Swedish aid agency criticises tsunami relief

Aid work after the Asian tsunami on December 26th, 2004, could have been better, according to the largest humanitarian assessment completed to date.

Those aid organizations that helped after the destruction must in future be more attentive to the needs of those suffering in the areas affected, the report concluded.

Stefan Dahlgren, spokesman with the Swedish International Development Cooperation Agency (SIDA), writing in Dagens Nyheter on Friday, said the response to the catastrophe was the fastest and biggest in history, but that the way in which aid is delivered has to change.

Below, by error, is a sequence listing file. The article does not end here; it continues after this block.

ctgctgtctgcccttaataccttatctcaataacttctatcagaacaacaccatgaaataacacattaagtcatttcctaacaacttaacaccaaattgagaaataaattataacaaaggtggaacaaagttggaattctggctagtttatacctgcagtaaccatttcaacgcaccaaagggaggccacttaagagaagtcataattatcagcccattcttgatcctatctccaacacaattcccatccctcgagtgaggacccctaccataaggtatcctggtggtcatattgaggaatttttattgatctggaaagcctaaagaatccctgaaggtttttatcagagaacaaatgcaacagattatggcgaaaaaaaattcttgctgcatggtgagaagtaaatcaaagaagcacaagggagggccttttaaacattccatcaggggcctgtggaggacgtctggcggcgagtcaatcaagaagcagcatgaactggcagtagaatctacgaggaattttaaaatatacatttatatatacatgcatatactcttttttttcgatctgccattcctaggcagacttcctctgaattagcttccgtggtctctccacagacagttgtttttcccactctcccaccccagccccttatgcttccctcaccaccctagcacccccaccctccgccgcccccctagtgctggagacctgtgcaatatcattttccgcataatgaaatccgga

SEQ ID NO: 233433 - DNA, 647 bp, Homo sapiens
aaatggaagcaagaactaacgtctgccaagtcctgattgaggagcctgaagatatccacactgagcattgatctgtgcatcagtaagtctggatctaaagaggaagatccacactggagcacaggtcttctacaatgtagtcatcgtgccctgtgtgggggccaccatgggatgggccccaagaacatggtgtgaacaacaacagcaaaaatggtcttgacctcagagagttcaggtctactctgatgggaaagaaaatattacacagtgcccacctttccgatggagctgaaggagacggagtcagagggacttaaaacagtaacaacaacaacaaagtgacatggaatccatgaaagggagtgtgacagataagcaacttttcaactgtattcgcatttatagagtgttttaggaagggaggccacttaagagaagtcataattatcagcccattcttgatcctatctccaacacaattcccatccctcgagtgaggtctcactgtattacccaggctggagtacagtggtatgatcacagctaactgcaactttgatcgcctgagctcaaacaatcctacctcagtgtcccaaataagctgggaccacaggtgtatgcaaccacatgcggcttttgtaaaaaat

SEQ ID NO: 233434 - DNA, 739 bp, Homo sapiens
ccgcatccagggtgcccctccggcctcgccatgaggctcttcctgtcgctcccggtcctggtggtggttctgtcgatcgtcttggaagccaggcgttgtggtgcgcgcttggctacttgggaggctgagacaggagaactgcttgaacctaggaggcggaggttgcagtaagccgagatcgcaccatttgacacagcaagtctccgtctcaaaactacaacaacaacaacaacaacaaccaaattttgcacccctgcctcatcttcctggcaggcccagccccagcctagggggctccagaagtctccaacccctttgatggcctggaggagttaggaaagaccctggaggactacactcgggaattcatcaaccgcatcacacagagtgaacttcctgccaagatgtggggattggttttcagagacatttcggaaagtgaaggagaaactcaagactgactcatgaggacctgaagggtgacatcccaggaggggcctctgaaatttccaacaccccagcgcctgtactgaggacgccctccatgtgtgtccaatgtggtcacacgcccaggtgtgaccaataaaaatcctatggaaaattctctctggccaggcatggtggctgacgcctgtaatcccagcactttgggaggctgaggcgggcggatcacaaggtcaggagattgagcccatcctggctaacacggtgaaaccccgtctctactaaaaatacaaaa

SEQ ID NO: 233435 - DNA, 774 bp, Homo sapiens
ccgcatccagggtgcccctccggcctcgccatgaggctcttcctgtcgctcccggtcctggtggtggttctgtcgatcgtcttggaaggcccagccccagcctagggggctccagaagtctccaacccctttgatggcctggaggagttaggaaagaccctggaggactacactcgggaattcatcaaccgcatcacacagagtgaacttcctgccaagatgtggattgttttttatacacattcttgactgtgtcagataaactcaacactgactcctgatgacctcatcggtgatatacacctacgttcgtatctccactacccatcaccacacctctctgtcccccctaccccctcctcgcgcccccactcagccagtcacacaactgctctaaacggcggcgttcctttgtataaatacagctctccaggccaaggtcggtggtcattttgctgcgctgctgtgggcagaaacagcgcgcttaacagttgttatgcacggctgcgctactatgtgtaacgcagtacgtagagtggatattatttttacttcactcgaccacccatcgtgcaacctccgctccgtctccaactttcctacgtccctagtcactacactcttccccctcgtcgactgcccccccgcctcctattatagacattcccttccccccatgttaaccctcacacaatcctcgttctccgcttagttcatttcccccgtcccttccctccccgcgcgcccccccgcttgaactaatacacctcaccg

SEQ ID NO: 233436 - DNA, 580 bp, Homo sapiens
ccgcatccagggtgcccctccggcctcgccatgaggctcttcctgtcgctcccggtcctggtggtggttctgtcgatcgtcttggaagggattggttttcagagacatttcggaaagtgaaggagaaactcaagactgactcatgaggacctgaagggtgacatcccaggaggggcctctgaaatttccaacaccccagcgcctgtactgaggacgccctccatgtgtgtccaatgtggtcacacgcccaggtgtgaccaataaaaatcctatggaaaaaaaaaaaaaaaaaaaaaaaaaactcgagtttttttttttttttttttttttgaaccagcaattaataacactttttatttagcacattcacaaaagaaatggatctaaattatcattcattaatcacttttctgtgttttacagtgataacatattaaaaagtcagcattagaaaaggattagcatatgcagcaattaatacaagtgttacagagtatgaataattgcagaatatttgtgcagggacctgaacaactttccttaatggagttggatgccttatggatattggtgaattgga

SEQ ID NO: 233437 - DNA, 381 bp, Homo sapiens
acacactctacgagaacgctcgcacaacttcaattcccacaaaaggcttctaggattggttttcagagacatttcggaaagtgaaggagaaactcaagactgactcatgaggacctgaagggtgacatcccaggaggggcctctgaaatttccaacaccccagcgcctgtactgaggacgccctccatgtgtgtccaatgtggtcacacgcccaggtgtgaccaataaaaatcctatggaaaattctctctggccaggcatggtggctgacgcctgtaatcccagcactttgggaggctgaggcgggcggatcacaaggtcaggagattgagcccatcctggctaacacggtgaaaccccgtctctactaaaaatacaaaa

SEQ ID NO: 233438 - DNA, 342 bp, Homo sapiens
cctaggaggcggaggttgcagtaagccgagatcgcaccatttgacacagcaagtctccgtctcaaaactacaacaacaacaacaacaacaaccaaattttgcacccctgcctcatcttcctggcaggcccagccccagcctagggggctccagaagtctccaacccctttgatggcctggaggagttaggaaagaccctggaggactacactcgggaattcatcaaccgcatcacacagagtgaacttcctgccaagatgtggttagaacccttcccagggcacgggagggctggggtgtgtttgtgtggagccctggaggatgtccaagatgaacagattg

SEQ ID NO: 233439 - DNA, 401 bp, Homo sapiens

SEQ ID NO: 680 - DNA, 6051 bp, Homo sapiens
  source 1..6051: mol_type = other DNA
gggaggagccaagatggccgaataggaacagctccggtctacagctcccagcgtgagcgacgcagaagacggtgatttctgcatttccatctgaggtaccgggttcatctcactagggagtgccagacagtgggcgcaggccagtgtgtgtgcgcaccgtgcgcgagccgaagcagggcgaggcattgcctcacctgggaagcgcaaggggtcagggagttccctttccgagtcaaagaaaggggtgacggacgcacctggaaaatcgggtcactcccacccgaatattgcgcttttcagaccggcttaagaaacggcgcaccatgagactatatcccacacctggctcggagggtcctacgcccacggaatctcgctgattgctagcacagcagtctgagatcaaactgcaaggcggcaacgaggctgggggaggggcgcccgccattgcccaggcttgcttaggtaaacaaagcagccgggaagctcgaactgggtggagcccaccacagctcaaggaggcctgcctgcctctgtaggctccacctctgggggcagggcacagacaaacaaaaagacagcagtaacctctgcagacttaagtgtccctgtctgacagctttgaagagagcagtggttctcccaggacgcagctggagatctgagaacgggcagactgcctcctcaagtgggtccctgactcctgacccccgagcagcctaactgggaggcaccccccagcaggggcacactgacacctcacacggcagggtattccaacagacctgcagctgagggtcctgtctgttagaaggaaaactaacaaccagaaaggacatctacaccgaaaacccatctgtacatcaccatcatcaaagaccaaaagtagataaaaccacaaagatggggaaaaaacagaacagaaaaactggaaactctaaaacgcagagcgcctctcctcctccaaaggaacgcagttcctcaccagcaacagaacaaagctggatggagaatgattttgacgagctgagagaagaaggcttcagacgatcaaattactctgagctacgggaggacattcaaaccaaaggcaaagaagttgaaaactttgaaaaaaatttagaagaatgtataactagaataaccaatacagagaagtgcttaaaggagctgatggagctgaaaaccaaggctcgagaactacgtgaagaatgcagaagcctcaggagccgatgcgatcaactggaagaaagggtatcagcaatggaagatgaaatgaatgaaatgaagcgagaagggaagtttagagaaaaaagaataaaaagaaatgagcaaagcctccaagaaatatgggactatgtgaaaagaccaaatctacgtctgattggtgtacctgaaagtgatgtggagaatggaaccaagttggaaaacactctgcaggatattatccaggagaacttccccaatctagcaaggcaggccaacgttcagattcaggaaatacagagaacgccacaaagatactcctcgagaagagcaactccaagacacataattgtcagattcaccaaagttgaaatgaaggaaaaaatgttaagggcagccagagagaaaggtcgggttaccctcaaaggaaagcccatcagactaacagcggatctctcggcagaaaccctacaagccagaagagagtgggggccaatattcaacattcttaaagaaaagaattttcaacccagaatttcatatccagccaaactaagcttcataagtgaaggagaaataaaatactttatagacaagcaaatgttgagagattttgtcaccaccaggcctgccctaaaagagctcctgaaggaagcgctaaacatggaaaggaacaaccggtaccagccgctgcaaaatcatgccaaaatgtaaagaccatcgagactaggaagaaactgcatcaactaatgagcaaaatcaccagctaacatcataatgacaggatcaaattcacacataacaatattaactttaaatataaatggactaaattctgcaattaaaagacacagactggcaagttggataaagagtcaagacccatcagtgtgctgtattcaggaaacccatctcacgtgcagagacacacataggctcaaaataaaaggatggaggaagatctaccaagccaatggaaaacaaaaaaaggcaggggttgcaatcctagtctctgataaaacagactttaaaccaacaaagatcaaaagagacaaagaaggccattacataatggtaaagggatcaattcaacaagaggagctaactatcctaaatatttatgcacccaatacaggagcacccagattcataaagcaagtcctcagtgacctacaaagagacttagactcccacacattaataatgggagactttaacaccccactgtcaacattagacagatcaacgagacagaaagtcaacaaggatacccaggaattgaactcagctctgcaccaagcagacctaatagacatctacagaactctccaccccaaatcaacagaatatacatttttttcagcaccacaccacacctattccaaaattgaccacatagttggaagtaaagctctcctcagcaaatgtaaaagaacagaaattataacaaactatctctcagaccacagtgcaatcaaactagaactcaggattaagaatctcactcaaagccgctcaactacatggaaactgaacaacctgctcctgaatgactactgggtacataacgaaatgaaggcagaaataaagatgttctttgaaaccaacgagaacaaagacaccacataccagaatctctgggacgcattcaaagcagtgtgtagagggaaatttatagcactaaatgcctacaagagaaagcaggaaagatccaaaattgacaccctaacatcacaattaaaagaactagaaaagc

He said aid organizations have to listen to local people more and not get involved with projects with which they do not have experience.

He said one example was how many organizations built and donated boats to fisherman in Aceh and Sri Lanka. Dahlgren said many of the boats were too small and were donated to areas that already had problems with over-fishing.

Another problem was how organizations began producing houses with mixed results. The money was not lacking and that led, in some cases, to aid organizations feeling a responsibility to show results to their own organizations rather than to those suffering in the area, he wrote.

Humanitarian effort is needed, but the tsunami catastrophe shows that it is not an “ambulance response” that is needed, but long-term reconstruction work in dialogue with the affected country.